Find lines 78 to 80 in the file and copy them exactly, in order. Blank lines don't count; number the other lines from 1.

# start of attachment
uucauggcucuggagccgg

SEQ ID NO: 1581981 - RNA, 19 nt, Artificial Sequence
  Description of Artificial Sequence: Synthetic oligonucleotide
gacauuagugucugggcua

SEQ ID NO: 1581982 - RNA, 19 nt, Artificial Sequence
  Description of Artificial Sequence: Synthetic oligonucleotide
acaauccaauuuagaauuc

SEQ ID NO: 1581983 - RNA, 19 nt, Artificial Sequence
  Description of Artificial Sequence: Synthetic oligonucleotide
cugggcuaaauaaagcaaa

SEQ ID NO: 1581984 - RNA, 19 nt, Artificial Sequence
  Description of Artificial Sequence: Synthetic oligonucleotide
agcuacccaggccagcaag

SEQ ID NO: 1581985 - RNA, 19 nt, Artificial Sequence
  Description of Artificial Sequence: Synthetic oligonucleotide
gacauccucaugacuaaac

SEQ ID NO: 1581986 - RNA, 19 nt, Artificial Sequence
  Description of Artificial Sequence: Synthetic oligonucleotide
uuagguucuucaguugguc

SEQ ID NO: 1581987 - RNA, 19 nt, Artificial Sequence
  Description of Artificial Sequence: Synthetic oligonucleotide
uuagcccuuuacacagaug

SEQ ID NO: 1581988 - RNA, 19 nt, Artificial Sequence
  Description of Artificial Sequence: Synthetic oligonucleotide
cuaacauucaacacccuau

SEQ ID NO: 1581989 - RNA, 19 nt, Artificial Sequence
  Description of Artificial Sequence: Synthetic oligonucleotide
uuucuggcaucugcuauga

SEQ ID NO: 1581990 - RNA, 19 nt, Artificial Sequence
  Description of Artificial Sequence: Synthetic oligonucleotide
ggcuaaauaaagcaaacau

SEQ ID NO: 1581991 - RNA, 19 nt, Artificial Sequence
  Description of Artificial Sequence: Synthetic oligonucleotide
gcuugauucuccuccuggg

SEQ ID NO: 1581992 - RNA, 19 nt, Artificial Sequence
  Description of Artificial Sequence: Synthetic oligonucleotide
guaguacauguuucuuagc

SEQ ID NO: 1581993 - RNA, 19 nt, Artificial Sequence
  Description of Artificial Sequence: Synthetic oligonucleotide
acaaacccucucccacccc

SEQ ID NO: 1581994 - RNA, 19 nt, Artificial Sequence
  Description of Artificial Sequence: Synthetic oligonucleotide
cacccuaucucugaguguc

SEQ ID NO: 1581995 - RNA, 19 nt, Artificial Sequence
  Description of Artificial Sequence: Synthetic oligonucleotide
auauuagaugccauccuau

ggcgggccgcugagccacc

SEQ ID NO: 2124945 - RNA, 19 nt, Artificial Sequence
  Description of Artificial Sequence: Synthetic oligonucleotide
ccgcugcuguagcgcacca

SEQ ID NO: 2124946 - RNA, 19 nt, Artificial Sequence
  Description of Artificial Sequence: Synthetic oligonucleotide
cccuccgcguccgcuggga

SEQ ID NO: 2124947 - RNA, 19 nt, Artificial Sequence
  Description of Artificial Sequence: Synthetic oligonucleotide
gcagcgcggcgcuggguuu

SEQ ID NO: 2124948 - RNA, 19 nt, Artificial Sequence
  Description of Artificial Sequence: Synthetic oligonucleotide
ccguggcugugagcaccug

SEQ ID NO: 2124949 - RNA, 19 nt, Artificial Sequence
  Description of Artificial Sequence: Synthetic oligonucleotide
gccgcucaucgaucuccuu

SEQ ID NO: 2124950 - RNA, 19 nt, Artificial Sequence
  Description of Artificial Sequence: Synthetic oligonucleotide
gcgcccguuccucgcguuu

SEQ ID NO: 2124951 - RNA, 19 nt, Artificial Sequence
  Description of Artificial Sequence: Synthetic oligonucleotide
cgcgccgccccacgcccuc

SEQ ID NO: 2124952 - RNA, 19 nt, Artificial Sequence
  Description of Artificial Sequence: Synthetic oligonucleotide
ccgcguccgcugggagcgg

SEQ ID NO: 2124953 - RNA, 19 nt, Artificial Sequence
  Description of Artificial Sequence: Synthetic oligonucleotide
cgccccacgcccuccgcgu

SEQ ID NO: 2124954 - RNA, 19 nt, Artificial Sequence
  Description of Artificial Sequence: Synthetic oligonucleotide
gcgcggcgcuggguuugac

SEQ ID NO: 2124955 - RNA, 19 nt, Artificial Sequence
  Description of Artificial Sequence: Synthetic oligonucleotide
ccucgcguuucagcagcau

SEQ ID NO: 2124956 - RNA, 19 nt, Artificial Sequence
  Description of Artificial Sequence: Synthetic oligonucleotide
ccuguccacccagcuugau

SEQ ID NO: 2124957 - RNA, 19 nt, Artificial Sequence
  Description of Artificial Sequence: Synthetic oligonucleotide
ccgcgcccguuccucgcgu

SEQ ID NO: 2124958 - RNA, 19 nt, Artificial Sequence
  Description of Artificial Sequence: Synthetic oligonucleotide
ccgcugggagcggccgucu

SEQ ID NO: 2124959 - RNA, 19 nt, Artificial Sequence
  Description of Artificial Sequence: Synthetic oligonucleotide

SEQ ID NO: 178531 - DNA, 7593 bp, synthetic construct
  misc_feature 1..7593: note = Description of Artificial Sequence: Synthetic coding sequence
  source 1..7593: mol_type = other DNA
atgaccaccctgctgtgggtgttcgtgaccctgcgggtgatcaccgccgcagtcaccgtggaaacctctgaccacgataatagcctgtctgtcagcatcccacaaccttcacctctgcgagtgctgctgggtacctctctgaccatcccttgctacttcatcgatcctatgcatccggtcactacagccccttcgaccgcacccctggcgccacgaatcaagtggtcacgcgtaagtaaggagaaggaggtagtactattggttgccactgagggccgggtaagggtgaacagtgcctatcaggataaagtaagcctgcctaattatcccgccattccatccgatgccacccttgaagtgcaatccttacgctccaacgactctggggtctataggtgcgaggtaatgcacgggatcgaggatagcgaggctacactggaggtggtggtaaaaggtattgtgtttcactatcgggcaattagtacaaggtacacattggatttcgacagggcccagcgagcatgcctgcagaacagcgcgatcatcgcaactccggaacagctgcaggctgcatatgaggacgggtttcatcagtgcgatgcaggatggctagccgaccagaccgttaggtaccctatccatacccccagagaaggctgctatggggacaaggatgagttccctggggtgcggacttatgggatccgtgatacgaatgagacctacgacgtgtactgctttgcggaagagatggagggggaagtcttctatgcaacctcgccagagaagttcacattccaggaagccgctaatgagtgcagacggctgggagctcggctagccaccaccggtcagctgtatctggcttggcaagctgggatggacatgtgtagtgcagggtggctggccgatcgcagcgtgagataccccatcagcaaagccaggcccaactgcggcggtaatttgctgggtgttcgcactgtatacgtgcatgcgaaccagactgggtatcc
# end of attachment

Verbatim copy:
SEQ ID NO: 2124955 - RNA, 19 nt, Artificial Sequence
  Description of Artificial Sequence: Synthetic oligonucleotide
ccucgcguuucagcagcau